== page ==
Alibasyah Z. M, Rezeki S, Fitri T. The Difference in Salivary flow Rate Before and After Stimulate Between Chewing Pineapple (Ananas Comocus) Dan Papaya (Carica Papaya). Biomed Pharmacol J 2017;10(3).
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The Difference in Salivary flow Rate Before and After Stimulate Between Chewing Pineapple (Ananas Comocus) Dan Papaya (Carica Papaya)

Zulfan M.Alibasyah1, Sri Rezeki2 and Trisna Fitri3

1Departement of Periodontology, Faculty of Dentistry, University of Syiah Kuala, Banda Aceh, Indonesia.

2Departement of Oral Medicine, Faculty of Dentistry, University of Syiah Kuala, Banda Aceh, Indonesia.

3Student of Dentistry Faculty, University of Syiah Kuala, Banda Aceh, Indonesia.

Corresponding Aauthor E-mail: zulfanmalibasyah@gmail.com

DOI : http://dx.doi.org/10.13005/bpj/1223

Abstract:

Salivary flow rate is a measure of salivary flow rate in ml/minute that collected in the oral cavity. Salivary flow rate can be increased by using different stimuli such as mechanical and chemical stimuli. One natural way to increase the salivary flow is to use pineapple and papaya. Pineapple and papaya is a fruit that is consumed daily. The purpose of the study is to examine changes in the salivary flow rate students of the Faculty of Dentistry, University of Syiah Kuala force in 2013-2016 before and after chewing pinneapple (Ananas comocus) and papaya (Carica papaya). Type of research is pre-experimental research with two group pretest post test design.The population in this study were all of the students in Faculty of Dentistry, University of Syiah Kuala. Subjects included in the criteria for inclusion of 100 people. The results of data analysis on a statistical test by paired t test showed there are differences in salivary flow rate between before and after chewing pineapple (Ananas comocus) with a value of p=0,000 (p <0,05), and there are differences in salivary flow rate between before and after chewing papaya (Carica papaya) with a value of p=0,000 (p<0,05) and also independent sample test showed a significant difference between the flow rate of saliva after chewing pineapple (Ananas comocus) and after chewing papaya (Carica papaya) with a value of p=0,035 (p<0,05). Concluded that chewing pineapple can increase salivary flow rates higher than chewing papaya.

Keywords:

Pineapple (Ananas comocus); papaya (Carica papaya); salivary flow rate; stimulate; chewing

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Alibasyah Z. M, Rezeki S, Fitri T. The Difference in Salivary flow Rate Before and After Stimulate Between Chewing Pineapple (Ananas Comocus) Dan Papaya (Carica Papaya). Biomed Pharmacol J 2017;10(3).

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Alibasyah Z. M, Rezeki S, Fitri T. The Difference in Salivary flow Rate Before and After Stimulate Between Chewing Pineapple (Ananas Comocus) Dan Papaya (Carica Papaya). Biomed Pharmacol J 2017;10(3). Available from: http://biomedpharmajournal.org/?p=15794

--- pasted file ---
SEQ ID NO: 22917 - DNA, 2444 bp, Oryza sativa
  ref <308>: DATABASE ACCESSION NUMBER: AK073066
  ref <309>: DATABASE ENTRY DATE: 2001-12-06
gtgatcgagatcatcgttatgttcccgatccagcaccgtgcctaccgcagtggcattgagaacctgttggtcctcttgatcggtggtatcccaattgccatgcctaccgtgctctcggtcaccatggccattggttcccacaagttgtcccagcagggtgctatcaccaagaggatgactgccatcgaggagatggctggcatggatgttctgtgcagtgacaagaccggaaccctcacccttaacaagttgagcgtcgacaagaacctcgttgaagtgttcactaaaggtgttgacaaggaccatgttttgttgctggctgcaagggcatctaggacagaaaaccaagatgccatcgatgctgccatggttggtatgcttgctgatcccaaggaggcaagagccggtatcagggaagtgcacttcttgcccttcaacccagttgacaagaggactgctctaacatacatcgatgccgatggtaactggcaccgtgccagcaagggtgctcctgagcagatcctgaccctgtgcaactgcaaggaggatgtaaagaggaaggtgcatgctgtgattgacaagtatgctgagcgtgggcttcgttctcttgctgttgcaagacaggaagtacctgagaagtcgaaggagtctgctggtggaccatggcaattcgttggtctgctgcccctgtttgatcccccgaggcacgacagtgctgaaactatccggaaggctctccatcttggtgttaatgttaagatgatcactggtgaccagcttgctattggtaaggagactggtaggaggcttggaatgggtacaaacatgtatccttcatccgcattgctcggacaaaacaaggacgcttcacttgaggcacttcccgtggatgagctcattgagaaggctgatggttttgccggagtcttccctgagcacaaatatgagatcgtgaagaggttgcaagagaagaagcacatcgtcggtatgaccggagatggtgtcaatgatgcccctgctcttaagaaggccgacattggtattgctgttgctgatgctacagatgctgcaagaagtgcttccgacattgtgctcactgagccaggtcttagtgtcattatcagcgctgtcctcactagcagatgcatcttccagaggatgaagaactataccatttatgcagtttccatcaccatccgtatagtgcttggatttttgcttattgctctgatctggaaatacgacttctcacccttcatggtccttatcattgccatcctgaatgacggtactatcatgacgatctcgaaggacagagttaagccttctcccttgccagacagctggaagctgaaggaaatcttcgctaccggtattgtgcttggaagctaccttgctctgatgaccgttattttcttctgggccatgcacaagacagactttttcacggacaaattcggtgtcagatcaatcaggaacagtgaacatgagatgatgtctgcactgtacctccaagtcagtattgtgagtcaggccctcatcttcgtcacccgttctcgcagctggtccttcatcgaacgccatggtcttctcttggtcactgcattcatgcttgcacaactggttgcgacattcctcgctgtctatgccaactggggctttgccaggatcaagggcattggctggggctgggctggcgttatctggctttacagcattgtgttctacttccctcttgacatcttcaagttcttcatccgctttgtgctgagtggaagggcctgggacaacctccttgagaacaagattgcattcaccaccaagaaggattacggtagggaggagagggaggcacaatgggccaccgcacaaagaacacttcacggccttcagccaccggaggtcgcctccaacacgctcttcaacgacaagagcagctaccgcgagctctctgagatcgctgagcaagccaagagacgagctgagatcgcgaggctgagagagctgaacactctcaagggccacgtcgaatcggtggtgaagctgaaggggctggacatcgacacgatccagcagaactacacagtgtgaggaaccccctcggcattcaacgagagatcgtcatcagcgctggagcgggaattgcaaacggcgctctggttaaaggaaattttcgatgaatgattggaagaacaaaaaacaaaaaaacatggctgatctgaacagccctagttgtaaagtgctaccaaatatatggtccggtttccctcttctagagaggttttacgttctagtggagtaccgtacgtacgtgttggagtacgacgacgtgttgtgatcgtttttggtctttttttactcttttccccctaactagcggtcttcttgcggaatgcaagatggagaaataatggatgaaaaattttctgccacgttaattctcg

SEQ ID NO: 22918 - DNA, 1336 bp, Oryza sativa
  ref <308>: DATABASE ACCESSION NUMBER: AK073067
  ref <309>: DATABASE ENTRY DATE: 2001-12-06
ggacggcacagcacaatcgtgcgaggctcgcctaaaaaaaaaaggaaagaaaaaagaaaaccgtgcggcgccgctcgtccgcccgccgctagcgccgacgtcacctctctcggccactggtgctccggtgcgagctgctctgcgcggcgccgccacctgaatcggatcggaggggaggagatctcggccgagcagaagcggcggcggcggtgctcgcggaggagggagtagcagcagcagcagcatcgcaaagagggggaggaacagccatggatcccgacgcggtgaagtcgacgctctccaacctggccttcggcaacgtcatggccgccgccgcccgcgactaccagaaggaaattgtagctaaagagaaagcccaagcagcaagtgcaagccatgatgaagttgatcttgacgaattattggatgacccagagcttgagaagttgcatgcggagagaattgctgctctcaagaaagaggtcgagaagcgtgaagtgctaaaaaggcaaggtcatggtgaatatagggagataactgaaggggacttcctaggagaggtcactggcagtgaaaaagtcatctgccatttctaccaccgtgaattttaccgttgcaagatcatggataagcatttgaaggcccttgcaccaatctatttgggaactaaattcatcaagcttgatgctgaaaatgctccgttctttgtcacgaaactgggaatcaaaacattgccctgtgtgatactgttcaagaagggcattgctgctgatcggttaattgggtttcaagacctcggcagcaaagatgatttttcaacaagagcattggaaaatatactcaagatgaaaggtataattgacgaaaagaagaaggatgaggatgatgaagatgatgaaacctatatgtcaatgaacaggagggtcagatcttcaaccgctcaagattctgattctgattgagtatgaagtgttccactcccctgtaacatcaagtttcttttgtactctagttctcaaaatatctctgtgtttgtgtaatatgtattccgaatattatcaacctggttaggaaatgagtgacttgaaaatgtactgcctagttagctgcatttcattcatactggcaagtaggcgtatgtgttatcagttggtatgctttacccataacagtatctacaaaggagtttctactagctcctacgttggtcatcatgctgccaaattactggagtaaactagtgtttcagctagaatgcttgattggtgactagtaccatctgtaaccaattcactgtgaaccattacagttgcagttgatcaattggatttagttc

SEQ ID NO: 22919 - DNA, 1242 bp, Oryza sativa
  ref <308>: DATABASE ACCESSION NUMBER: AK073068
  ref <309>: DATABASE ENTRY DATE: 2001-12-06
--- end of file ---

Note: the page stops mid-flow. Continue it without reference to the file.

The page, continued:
Introduction

Saliva is the mixture of fluids that originates from major and minor salivary glands and nonglandular sources such as crevicular fluids, oral microorganism, and host cells.1 Saliva is importance to maintain oral health, and saliva has multiple functions.2

Saliva have two functions that is digestive and protective functions and additional functions.3 Digestive functions include chewing of food, bolus formation, and swallowing. To the protective functions include self cleansing, lubricate the oral tissues by mucins,1 ability of the buffer to maintain salivary pH around 7.0, and antimicrobial action.3 Additional functions include articulate speech and excretion.3 Saliva is very influential on the dental health because of the chemical composition, the buffer capacity (buffer), antimicrobial activity, and salivary flow rate (flow rate).4

Salivary flow rate can be  obtained with or without stimulus, that is the stimulated and the unstimulate salivary flow.5 Reduced salivary flow rate can be cause impedes the mastication and swallowing of food, neutralization of acids, and leads to oral diseases such mucosal lesions,6 caries, candidiasis, gingivitis, and periodontal diseases.7

One effort that can be done to overcome the problem of reduced salivary flow is by stimulating saliva with citric acid5 and vitamin C in patients xerostomia.8 Citric acid content is widely available in the pineapple and papaya with citric acid content of 346 mg pineapple and papaya is 335 mg.9 Pineapple and papaya also contains vitamin C with the 24 mg10 pineapple and papaya is 61.8 mg.11 Lewapadang et al (2015) research stated that the consumption of pineapple juice in the elderly can reduce xerostomia and increase secretion saliva.12 Widya research (2013 ) that eating papaya can lower the debris index, and to chew papaya can stimulate to produce more saliva.13 This study aims to determine the presence of differences in salivary flow before and after stimulation between chewing pineapple (Ananas comocus) and chew papaya (Carica papaya).

Methods

Type of research is pre-experimental study with two group pretest posttest design. This research was conducted on 8 to 20 January 2017 in the building of the Faculty of Dentistry Unsyiah. The population in this study were all students/i Faculty of Dentistry, University of Syiah Kuala. Subjects who met the inclusion criteria obtained as many as 100 people.